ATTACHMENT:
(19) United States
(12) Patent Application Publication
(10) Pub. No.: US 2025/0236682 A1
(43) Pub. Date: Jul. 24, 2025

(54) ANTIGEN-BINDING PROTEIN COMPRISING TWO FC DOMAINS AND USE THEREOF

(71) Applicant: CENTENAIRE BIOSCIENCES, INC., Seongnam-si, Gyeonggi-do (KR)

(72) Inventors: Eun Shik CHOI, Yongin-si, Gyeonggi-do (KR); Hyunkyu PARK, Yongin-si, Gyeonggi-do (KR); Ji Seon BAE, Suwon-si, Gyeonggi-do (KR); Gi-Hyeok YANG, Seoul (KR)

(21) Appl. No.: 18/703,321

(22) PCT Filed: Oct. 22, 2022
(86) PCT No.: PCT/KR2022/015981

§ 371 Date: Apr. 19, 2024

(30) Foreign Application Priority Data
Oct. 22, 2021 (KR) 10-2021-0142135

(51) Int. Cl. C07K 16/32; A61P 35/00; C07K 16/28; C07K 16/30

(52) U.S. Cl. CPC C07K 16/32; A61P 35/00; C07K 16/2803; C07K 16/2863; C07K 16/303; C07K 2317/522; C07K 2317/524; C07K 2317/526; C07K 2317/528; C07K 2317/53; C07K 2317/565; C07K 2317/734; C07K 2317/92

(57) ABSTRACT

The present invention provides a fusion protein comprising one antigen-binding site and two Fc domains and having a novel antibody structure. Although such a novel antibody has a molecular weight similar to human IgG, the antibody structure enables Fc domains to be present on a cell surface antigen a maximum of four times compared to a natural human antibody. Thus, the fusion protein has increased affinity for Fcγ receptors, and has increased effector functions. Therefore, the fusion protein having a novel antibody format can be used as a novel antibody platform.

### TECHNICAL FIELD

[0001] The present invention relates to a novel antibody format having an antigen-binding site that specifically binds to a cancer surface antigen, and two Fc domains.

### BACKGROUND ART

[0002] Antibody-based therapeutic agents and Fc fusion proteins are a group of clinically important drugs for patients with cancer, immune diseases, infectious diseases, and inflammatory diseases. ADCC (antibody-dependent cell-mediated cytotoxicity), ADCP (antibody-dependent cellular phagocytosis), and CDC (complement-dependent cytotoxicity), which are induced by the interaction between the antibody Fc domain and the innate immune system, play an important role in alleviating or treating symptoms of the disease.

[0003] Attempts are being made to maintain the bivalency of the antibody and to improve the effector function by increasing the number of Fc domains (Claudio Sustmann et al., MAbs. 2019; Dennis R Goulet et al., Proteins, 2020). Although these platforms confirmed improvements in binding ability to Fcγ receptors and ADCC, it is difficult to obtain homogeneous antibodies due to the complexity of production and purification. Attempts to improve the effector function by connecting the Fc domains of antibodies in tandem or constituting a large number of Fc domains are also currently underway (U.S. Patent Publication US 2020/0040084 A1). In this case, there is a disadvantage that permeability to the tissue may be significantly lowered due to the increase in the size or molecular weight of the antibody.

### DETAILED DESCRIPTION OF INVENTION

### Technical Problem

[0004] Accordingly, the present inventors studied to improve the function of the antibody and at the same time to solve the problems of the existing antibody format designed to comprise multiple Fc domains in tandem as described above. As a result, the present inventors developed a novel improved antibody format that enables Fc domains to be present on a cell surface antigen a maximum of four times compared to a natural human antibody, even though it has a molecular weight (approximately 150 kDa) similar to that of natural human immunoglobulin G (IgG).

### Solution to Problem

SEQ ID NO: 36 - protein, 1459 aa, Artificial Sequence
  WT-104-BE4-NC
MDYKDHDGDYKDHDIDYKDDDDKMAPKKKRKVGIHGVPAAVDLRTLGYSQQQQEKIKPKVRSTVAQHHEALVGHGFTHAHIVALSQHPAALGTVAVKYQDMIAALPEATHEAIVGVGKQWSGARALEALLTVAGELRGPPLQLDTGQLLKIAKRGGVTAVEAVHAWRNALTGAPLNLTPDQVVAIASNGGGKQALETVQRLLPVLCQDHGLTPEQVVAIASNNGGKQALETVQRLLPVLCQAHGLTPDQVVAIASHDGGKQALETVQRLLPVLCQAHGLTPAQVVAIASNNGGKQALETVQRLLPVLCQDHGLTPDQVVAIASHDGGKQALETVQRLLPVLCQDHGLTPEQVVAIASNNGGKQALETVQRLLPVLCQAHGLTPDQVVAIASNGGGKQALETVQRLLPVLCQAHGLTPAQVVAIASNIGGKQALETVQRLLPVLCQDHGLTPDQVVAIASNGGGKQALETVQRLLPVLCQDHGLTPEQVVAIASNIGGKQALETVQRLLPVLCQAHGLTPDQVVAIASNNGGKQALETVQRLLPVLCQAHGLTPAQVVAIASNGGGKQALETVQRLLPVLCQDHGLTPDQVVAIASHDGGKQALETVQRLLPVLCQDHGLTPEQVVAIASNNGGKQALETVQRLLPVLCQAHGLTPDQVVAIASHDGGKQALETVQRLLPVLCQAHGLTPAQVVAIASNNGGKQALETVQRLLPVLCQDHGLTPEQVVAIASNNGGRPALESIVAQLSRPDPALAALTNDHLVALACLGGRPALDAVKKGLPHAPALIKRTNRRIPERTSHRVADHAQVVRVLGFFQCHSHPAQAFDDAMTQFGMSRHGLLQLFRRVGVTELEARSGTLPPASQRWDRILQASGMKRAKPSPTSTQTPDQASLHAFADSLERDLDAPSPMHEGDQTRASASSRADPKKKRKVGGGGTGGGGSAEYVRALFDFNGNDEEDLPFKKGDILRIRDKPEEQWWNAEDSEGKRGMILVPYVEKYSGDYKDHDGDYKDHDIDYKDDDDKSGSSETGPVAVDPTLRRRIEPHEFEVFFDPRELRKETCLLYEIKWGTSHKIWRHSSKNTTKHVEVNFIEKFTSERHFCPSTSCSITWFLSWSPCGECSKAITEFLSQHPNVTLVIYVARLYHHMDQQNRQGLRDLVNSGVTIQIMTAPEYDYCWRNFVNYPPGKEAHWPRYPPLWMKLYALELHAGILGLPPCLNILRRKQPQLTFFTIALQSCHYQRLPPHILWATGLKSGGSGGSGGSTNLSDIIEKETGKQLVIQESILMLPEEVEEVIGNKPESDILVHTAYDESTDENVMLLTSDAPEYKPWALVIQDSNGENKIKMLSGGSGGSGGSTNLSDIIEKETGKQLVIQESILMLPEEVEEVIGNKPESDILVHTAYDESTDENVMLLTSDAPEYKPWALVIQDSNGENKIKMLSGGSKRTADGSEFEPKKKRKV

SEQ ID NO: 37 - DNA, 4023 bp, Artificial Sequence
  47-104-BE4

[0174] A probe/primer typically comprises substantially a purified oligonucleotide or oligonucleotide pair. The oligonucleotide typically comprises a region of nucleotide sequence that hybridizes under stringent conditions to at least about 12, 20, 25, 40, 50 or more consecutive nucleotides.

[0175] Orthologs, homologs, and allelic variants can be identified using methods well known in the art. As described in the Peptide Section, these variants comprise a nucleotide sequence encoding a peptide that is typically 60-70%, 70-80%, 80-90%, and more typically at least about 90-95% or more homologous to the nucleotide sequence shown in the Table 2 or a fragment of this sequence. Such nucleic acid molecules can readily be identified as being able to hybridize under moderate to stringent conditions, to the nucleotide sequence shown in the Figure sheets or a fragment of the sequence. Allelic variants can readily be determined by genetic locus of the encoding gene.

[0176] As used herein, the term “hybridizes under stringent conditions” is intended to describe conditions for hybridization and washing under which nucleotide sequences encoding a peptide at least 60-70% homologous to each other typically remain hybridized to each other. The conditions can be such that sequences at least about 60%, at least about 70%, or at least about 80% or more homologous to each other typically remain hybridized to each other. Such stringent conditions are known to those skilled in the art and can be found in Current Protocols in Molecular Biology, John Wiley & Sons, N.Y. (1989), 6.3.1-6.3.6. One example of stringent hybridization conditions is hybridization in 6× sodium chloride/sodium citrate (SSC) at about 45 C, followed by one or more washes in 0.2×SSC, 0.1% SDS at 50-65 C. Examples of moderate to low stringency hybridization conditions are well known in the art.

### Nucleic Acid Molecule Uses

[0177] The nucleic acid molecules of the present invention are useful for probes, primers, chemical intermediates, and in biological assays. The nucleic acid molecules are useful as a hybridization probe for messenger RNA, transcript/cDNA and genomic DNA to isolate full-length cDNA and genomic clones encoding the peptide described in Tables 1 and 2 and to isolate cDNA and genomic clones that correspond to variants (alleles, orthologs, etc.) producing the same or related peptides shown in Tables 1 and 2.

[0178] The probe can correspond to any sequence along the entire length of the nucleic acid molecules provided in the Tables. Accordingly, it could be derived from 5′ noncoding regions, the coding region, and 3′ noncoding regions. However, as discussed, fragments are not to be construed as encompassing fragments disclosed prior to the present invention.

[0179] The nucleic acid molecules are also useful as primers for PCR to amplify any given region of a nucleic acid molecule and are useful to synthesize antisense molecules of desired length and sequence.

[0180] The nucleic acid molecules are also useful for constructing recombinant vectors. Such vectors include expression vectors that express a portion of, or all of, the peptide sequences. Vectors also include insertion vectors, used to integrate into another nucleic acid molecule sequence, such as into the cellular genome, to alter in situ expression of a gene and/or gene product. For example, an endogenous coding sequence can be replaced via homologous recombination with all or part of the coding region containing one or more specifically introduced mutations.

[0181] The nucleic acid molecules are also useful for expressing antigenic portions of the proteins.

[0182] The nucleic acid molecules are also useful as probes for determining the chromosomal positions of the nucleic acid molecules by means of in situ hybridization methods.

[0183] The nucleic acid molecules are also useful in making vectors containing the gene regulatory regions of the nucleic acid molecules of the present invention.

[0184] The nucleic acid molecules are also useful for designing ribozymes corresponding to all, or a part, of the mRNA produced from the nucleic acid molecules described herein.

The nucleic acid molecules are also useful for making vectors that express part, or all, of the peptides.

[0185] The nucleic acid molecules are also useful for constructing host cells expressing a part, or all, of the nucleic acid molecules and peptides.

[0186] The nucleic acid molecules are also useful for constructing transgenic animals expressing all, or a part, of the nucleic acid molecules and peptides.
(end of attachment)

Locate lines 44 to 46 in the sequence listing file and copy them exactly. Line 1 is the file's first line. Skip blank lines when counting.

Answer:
The nucleic acid molecules are also useful for making vectors that express part, or all, of the peptides.

[0185] The nucleic acid molecules are also useful for constructing host cells expressing a part, or all, of the nucleic acid molecules and peptides.

[0186] The nucleic acid molecules are also useful for constructing transgenic animals expressing all, or a part, of the nucleic acid molecules and peptides.